tanaonte - stock.adobe.com
The UK’s 5G future is caught between more than just the one proverbial rock and a hard place.
On the resilience front, the National Cyber Security Centre has said the current situation of having just three large-scale suppliers is “crazy”. The Telecoms security bill, which will be delivered in the coming weeks will, among other actions, place a legal requirement to remove Huawei, one of those suppliers (alongside Nokia and Ericsson), from our 5G networks. Without further remedy, this moves us from three to two scale suppliers in the UK market.
On the deployment front, 5G was meant to be where we caught up. From being a 4G laggard to being a 5G leader, realising the economic opportunity that brings. Yet according to the secretary of state for digital, the cumulative impact of the government’s actions for the past 10 months is delay to 5G roll-out of “two to three years, and costs of up to £2bn”.
The telecoms diversification strategy, guided by an industry led taskforce and due to be published alongside the Telecoms security bill, needs to find a way out of these conundrums – and ensure that the UK can carve a place in the global market.
These are the three areas that that need to be addressed:
The government’s target is for 5G to be deployed to the majority of the country by 2027. We should not idly accept a delay to 2029 or beyond. That would be accepting the loss of productivity benefits and signal to innovators wanting to use 5G to build new services to go elsewhere. And more than that, by leading in the development of disaggregated network architectures such as Open RAN we can create global opportunities for UK companies.
Our network operators like EE and Vodafone need to have high levels of trust in their supply chain. It can take years to build confidence before equipment is deployed at scale. The planned National Telecoms Lab offers a blueprint for accelerating this – providing a testing facility for network operators, suppliers, and academia to test solutions and develop new standards.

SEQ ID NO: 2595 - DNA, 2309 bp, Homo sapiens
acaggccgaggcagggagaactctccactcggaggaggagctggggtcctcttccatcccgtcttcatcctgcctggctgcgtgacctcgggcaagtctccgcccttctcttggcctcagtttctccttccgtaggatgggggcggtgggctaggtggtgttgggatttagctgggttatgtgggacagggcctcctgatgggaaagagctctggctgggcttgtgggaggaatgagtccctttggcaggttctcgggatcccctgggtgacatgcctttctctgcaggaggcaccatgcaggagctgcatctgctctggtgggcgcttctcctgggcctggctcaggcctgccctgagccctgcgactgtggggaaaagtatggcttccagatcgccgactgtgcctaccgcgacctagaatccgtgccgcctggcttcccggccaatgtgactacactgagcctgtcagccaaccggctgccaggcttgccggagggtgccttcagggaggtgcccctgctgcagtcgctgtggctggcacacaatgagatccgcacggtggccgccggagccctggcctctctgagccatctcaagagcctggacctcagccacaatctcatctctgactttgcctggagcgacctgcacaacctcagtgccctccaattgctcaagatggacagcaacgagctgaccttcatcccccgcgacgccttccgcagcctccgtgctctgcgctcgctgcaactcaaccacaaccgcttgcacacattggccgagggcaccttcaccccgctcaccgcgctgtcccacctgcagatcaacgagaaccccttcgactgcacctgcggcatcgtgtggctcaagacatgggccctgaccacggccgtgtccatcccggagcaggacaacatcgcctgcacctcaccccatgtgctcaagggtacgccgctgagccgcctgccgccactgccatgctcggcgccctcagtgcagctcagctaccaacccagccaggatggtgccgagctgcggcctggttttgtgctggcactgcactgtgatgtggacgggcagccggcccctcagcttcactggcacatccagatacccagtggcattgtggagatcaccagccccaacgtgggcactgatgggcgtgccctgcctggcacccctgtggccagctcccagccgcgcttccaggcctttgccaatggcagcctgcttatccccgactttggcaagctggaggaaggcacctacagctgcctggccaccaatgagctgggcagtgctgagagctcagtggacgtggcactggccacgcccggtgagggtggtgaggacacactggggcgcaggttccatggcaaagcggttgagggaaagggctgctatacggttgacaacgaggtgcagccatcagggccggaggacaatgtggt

TechUK believes that the government should set up a £300m R&D programme. By working with both the demand side – network operators – and supply side we can build on UK strengths to drive our own diversification and capture a share of the global market. The multi-year spending review has been delayed but the government must be flexible in areas such as this where funding can unlock significant investment and economic growth.
We are at a critical juncture. Not just for whether we will be a 5G leader but because the move away from traditional monolithic vendors to a more open and interoperable approach is a global one – Open RAN, just one part of that market, is estimated to be a worth $47bn by 2026.
The argument for growing a British integrated scale supplier is therefore for the birds; it would take too long and be counter to the momentum of the market. But we can capture significant elements of that $47bn if we can accelerate the maturity of UK companies and build on existing strengths in areas such as compound semiconductors, radios, and software which are essential for new disaggregated networks.
The UK has the opportunity to have a highly resilient, secure and diversified 5G network while prospering from the innovation that we can unleash. The US, Germany and others are already moving to do the same. Let’s make sure that this time we lead the way.